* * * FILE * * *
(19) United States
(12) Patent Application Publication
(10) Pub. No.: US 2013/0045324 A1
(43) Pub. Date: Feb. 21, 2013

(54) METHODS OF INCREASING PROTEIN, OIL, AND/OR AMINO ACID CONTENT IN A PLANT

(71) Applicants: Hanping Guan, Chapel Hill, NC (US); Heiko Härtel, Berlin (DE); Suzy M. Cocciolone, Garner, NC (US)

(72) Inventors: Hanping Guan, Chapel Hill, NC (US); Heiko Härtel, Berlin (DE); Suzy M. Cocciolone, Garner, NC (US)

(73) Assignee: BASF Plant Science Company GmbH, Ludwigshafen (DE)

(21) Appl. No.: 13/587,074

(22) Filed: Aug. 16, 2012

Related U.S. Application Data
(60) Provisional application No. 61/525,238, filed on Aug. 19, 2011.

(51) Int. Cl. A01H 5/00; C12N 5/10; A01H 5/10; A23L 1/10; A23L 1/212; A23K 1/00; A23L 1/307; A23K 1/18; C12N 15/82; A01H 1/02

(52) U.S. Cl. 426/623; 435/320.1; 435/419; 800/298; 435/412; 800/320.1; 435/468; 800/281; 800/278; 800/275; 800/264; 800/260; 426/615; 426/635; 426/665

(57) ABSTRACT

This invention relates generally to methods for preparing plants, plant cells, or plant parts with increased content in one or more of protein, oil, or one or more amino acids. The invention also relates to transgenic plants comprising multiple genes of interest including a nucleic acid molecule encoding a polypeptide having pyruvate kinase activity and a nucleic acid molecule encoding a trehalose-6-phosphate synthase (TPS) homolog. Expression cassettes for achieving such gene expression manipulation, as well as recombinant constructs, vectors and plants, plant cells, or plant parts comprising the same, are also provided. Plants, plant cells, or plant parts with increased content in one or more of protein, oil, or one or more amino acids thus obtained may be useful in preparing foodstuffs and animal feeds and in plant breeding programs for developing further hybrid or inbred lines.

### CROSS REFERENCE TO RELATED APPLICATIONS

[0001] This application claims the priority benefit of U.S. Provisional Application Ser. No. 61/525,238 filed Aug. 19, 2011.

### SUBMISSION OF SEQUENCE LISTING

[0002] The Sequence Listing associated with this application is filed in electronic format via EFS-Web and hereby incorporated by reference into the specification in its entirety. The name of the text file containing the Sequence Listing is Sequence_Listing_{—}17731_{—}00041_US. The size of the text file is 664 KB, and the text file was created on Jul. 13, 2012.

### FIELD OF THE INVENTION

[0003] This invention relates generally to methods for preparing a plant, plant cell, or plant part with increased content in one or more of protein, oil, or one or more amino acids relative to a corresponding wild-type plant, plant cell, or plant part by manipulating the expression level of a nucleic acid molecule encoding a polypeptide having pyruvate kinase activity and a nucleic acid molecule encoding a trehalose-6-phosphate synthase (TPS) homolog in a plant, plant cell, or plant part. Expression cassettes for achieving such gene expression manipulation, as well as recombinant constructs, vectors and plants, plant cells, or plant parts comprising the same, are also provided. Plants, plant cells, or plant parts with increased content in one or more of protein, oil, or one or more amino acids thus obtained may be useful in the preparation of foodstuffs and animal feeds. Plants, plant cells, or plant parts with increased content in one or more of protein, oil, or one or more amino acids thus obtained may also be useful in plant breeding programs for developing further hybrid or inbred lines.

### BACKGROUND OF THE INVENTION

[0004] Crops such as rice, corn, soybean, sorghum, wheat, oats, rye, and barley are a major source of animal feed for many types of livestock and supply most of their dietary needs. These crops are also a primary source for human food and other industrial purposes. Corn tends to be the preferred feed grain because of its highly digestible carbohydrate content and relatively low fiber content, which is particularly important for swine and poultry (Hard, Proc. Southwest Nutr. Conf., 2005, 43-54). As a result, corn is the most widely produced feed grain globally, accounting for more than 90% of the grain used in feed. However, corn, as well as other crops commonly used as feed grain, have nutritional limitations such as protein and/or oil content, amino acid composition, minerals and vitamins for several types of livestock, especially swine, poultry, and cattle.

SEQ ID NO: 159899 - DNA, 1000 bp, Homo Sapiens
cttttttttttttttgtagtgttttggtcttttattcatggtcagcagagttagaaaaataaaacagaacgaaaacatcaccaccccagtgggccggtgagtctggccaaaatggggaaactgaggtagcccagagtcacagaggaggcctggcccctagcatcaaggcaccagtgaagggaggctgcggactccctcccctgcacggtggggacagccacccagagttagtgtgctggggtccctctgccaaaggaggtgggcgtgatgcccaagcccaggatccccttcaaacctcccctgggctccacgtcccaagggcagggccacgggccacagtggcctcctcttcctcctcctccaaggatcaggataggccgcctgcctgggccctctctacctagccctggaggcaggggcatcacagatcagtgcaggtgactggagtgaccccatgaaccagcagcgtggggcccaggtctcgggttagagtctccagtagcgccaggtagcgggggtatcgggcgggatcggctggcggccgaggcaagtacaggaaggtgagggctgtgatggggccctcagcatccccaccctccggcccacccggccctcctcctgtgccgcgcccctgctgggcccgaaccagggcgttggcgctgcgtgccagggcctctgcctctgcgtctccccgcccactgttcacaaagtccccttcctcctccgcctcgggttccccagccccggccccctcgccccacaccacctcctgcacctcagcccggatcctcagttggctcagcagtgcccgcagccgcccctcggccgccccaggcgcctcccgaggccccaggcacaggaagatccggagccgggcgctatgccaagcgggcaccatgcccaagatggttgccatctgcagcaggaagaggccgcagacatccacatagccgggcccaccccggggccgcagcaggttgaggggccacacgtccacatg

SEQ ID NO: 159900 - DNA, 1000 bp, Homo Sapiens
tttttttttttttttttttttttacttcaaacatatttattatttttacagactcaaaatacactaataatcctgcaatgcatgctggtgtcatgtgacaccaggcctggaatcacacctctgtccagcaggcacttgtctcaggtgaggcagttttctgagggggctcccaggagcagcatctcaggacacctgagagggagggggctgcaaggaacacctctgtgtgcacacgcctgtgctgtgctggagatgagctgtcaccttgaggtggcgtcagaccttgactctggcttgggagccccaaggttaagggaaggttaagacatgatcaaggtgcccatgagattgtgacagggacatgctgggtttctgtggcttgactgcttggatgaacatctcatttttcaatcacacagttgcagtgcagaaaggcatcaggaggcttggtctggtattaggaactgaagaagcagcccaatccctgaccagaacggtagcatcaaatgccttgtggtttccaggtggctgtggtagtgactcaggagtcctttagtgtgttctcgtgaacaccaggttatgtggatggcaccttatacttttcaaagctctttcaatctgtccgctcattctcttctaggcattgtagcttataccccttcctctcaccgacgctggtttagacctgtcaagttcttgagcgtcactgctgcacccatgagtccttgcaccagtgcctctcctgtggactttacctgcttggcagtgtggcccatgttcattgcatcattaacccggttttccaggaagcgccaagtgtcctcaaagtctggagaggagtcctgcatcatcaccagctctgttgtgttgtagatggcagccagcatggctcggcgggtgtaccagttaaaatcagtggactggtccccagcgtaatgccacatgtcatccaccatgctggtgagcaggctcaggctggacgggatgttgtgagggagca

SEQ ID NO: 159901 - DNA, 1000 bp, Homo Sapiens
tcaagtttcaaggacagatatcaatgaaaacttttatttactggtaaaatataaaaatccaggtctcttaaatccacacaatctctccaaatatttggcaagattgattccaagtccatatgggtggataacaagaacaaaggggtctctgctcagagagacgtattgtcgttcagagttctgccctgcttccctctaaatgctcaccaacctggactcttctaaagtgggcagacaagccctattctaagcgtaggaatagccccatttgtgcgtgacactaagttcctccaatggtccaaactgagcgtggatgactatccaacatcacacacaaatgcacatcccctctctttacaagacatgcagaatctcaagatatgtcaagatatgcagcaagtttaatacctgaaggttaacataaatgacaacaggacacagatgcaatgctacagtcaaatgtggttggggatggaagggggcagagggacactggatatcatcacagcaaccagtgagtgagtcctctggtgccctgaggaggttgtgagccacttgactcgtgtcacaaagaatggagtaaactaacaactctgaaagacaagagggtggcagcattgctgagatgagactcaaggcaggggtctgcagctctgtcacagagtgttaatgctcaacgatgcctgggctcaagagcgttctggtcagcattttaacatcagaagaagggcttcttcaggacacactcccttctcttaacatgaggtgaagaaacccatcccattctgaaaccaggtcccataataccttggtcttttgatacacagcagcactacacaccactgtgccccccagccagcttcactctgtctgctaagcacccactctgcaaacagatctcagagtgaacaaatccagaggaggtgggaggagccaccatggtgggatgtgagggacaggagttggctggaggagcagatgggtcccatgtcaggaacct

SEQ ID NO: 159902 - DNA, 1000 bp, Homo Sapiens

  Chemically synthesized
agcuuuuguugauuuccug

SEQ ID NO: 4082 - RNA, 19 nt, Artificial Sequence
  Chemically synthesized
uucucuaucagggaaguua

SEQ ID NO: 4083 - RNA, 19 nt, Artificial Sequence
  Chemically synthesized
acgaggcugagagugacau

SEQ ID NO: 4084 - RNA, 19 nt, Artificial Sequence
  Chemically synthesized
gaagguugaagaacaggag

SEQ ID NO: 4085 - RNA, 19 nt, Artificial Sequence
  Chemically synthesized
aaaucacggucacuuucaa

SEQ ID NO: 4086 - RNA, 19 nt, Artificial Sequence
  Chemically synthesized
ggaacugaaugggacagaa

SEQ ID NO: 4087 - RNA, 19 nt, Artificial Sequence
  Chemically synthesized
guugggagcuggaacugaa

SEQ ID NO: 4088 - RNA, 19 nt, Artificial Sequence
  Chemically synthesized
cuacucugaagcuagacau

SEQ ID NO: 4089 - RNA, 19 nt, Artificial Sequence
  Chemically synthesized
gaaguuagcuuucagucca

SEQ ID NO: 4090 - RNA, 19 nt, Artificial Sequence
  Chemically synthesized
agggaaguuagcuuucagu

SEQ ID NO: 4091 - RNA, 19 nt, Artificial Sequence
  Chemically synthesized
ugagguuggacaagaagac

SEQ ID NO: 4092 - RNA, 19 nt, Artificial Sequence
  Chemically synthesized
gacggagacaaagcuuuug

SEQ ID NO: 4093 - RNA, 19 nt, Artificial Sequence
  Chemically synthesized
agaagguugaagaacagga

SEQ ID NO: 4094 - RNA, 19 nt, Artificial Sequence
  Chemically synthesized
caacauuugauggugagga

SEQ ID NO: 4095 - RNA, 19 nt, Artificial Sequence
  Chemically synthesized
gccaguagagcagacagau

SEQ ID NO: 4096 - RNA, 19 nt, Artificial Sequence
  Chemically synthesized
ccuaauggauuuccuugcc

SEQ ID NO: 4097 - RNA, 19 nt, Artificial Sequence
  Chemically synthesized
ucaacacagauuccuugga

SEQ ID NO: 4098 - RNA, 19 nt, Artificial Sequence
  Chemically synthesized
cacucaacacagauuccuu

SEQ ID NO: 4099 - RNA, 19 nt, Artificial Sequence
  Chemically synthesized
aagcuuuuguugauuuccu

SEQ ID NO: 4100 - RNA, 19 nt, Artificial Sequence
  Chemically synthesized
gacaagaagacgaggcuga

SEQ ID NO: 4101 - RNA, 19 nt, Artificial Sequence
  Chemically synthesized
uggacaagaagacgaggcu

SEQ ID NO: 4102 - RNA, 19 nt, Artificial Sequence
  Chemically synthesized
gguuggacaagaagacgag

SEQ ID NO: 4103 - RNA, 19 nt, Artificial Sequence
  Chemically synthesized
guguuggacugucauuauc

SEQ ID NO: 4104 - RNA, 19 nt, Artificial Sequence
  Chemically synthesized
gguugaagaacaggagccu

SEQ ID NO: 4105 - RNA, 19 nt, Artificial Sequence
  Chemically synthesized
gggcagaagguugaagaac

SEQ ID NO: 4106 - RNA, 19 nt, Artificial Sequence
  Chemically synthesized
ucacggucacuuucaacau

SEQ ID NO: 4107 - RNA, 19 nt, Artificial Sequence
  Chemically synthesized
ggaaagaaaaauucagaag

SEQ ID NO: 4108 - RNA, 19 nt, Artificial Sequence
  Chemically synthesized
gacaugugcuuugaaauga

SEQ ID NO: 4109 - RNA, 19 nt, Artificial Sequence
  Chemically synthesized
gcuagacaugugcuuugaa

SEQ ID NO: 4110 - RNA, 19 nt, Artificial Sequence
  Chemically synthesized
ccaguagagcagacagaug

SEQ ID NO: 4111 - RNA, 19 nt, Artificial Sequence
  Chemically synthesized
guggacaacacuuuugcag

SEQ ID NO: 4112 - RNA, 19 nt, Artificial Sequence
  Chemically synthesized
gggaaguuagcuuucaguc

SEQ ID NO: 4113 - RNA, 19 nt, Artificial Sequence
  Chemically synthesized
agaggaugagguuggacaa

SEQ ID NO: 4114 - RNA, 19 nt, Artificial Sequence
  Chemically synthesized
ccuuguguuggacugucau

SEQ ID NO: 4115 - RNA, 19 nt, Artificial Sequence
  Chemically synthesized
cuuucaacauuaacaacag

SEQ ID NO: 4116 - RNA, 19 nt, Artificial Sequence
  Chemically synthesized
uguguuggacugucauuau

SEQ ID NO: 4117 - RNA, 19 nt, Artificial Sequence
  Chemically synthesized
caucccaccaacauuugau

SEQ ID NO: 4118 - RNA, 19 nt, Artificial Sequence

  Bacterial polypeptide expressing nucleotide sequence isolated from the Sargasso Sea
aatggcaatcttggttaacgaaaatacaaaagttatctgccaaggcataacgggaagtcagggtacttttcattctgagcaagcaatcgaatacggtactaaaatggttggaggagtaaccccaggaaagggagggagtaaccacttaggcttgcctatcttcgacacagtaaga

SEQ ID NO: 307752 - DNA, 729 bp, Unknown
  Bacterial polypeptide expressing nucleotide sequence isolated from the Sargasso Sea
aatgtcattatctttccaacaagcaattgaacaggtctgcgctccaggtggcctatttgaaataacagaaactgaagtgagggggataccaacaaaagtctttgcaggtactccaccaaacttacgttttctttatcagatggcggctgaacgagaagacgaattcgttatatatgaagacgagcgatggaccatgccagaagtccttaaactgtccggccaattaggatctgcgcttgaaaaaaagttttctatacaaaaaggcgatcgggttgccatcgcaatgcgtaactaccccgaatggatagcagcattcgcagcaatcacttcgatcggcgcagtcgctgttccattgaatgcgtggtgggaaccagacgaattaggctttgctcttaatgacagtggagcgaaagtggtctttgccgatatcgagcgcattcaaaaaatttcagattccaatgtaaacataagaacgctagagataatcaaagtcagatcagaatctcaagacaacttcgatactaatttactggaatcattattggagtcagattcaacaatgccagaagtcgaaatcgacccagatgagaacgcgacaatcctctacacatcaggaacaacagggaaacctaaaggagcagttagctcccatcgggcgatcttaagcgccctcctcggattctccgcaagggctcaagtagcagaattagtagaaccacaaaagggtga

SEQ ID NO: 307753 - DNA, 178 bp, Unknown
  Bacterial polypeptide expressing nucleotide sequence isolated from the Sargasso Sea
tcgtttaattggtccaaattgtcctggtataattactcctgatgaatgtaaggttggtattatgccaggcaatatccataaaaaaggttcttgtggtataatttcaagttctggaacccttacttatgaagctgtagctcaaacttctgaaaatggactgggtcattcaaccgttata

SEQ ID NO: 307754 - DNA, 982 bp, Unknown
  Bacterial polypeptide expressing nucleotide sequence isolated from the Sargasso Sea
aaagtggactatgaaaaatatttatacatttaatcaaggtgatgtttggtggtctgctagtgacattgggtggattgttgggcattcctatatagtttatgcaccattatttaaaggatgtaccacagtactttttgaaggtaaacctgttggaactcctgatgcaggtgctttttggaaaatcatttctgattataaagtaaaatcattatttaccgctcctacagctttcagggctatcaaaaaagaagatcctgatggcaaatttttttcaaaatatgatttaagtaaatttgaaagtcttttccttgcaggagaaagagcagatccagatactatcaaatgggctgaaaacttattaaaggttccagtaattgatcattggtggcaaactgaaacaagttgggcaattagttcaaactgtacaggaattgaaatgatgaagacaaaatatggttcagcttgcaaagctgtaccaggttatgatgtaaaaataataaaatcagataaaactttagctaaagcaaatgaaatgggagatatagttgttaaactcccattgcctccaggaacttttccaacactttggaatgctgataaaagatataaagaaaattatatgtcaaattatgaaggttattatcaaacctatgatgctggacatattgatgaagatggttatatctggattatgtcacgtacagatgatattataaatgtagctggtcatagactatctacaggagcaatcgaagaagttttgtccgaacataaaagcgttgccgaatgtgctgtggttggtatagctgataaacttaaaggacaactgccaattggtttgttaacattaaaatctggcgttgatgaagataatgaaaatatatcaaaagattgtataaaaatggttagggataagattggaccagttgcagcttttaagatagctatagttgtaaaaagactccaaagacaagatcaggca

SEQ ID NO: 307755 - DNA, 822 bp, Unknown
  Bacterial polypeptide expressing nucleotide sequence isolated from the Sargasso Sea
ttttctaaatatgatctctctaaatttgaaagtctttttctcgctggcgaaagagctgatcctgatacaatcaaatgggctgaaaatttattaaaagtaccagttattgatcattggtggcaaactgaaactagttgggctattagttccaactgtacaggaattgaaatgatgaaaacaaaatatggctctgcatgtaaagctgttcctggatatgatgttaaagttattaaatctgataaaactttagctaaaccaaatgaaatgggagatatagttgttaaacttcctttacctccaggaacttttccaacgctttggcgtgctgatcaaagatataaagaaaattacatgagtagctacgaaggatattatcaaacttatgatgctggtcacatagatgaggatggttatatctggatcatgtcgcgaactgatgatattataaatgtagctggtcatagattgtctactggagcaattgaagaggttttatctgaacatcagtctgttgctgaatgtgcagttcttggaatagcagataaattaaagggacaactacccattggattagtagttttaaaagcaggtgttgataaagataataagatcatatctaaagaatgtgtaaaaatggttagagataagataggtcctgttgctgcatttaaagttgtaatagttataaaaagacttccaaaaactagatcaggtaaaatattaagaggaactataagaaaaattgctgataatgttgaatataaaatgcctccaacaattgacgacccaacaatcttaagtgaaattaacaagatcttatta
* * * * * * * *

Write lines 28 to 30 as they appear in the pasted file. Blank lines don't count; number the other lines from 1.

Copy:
tttttttttttttttttttttttacttcaaacatatttattatttttacagactcaaaatacactaataatcctgcaatgcatgctggtgtcatgtgacaccaggcctggaatcacacctctgtccagcaggcacttgtctcaggtgaggcagttttctgagggggctcccaggagcagcatctcaggacacctgagagggagggggctgcaaggaacacctctgtgtgcacacgcctgtgctgtgctggagatgagctgtcaccttgaggtggcgtcagaccttgactctggcttgggagccccaaggttaagggaaggttaagacatgatcaaggtgcccatgagattgtgacagggacatgctgggtttctgtggcttgactgcttggatgaacatctcatttttcaatcacacagttgcagtgcagaaaggcatcaggaggcttggtctggtattaggaactgaagaagcagcccaatccctgaccagaacggtagcatcaaatgccttgtggtttccaggtggctgtggtagtgactcaggagtcctttagtgtgttctcgtgaacaccaggttatgtggatggcaccttatacttttcaaagctctttcaatctgtccgctcattctcttctaggcattgtagcttataccccttcctctcaccgacgctggtttagacctgtcaagttcttgagcgtcactgctgcacccatgagtccttgcaccagtgcctctcctgtggactttacctgcttggcagtgtggcccatgttcattgcatcattaacccggttttccaggaagcgccaagtgtcctcaaagtctggagaggagtcctgcatcatcaccagctctgttgtgttgtagatggcagccagcatggctcggcgggtgtaccagttaaaatcagtggactggtccccagcgtaatgccacatgtcatccaccatgctggtgagcaggctcaggctggacgggatgttgtgagggagca

SEQ ID NO: 159901 - DNA, 1000 bp, Homo Sapiens
tcaagtttcaaggacagatatcaatgaaaacttttatttactggtaaaatataaaaatccaggtctcttaaatccacacaatctctccaaatatttggcaagattgattccaagtccatatgggtggataacaagaacaaaggggtctctgctcagagagacgtattgtcgttcagagttctgccctgcttccctctaaatgctcaccaacctggactcttctaaagtgggcagacaagccctattctaagcgtaggaatagccccatttgtgcgtgacactaagttcctccaatggtccaaactgagcgtggatgactatccaacatcacacacaaatgcacatcccctctctttacaagacatgcagaatctcaagatatgtcaagatatgcagcaagtttaatacctgaaggttaacataaatgacaacaggacacagatgcaatgctacagtcaaatgtggttggggatggaagggggcagagggacactggatatcatcacagcaaccagtgagtgagtcctctggtgccctgaggaggttgtgagccacttgactcgtgtcacaaagaatggagtaaactaacaactctgaaagacaagagggtggcagcattgctgagatgagactcaaggcaggggtctgcagctctgtcacagagtgttaatgctcaacgatgcctgggctcaagagcgttctggtcagcattttaacatcagaagaagggcttcttcaggacacactcccttctcttaacatgaggtgaagaaacccatcccattctgaaaccaggtcccataataccttggtcttttgatacacagcagcactacacaccactgtgccccccagccagcttcactctgtctgctaagcacccactctgcaaacagatctcagagtgaacaaatccagaggaggtgggaggagccaccatggtgggatgtgagggacaggagttggctggaggagcagatgggtcccatgtcaggaacct